Magazine November 29, 2021, Issue

John Roberts v. Roe

Supreme Court Chief Justice John Roberts arrives for the swearing in ceremony of Judge Neil Gorsuch in the Rose Garden of the White House in Washington, D.C., April 10, 2017. (Joshua Roberts/Reuters)
The chief justice should follow his own stated reasoning

When the Supreme Court turns to the case of Dobbs v. Jackson Women’s Health Organization this fall, I believe that six justices will vote to overrule the combined doctrines of 1973’s Roe v. Wade — the original and sweeping intervention by the Supreme Court in the organic development of state statutory systems regulating abortion — and its 1992 “do-over” in Planned Parenthood v. Casey.

The entire cobbled-together façade of jerry-rigged, ad hoc, and incoherent abortion case law will be swept away, and the half century of strained readings and outright judicial inventions overruled. The repeated attempt by the Supreme Court to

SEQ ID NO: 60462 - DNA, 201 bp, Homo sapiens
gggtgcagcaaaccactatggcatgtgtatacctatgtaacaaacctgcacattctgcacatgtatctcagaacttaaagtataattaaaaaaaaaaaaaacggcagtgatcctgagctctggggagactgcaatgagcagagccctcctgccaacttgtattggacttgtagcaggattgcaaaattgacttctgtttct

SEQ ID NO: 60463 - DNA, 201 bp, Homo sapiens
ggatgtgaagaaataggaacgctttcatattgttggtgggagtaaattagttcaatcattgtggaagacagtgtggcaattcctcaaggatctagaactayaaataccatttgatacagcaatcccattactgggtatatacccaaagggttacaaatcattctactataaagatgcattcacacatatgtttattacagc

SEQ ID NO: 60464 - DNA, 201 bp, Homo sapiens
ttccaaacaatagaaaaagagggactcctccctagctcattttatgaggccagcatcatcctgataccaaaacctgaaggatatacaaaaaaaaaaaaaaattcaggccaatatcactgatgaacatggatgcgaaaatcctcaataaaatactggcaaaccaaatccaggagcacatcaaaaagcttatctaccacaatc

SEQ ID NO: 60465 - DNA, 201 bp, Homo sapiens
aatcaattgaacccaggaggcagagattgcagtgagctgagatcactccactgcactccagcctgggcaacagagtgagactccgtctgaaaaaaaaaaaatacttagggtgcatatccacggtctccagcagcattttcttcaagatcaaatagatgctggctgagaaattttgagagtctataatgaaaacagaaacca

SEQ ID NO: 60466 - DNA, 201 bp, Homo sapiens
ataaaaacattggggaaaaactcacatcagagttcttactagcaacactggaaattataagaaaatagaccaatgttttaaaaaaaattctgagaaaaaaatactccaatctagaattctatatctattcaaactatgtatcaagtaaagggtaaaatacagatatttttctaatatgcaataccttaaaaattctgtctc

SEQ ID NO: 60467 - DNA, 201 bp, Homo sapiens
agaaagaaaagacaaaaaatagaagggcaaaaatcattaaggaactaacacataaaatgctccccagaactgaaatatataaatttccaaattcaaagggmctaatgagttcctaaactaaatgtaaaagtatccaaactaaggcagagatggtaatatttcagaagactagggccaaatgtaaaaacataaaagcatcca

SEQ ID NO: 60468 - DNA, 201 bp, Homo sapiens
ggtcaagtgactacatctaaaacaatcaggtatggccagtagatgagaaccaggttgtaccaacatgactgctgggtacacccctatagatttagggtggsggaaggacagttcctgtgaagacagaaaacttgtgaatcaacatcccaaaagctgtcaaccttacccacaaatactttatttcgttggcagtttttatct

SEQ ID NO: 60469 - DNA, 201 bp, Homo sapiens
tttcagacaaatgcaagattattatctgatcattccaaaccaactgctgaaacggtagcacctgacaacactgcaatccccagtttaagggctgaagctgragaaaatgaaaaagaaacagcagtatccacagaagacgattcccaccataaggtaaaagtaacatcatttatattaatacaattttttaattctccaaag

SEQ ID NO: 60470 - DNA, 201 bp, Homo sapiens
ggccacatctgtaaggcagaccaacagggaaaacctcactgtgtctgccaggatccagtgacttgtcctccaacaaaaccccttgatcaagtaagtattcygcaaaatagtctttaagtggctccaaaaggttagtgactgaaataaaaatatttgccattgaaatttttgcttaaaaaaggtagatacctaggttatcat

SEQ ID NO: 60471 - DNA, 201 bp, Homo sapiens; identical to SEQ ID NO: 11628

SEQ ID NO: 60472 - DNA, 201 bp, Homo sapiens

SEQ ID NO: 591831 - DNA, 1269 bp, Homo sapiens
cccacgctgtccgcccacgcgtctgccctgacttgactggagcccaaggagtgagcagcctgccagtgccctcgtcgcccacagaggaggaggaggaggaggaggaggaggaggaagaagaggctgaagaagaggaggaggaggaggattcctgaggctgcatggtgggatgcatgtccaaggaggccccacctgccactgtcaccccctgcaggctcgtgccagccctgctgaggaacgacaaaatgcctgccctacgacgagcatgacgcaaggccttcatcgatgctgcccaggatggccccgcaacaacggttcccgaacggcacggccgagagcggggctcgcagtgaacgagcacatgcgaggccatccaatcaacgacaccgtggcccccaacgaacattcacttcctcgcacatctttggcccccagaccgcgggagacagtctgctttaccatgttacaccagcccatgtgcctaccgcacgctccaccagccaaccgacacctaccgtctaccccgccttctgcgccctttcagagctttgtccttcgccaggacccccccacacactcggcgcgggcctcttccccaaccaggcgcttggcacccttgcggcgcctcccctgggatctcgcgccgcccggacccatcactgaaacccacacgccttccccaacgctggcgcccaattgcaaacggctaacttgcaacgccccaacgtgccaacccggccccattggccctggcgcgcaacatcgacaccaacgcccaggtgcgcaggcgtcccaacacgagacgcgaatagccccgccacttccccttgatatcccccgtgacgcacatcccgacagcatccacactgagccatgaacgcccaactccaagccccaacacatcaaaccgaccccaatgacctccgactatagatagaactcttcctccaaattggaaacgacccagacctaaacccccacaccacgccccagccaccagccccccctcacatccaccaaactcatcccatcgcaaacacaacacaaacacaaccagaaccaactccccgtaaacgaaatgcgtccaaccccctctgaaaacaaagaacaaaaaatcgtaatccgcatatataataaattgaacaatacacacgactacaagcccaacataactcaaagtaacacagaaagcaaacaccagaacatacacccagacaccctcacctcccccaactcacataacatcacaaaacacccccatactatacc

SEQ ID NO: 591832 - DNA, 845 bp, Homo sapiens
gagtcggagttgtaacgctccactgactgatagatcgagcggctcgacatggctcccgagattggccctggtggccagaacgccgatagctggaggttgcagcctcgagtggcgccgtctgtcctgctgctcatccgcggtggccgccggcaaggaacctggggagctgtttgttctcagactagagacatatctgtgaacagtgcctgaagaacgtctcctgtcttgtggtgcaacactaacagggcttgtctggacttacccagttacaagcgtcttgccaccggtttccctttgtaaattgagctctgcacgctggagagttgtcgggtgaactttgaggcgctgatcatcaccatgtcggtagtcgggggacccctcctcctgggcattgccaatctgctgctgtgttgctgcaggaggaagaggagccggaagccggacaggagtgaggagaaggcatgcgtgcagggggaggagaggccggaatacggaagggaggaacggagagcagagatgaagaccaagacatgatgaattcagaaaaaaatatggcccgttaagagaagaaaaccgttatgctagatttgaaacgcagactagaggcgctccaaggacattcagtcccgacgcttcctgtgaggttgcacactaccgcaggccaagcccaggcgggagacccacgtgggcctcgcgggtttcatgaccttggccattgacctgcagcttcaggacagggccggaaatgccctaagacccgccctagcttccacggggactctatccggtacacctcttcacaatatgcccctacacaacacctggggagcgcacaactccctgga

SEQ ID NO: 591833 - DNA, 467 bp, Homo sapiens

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This article appears as “Roberts v. Roe” in the November 29, 2021, print edition of National Review.

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Hugh Hewitt — Mr. Hewitt has taught constitutional law since 1996 at the Fowler School of Law at Chapman University. He hosts a nationally syndicated radio show.

In This Issue

Introduction

Politics & Policy

End Roe

In this special issue, we examine the legal arguments, the policy arguments, and the social arguments for finally ending the Roe era in America.

The Law

The Policy

The Social Impact

Books, Arts & Manners

Books

Weird English

A review of Highly Irregular: Why Tough, Through, and Dough Don’t Rhyme — and Other Oddities of the English Language, by Arika Okrent.

Sections

The Week

The Week

Glenn Youngkin unlocked the secret to electoral success in a Virginia that hadn’t elected a Republican statewide in twelve years.

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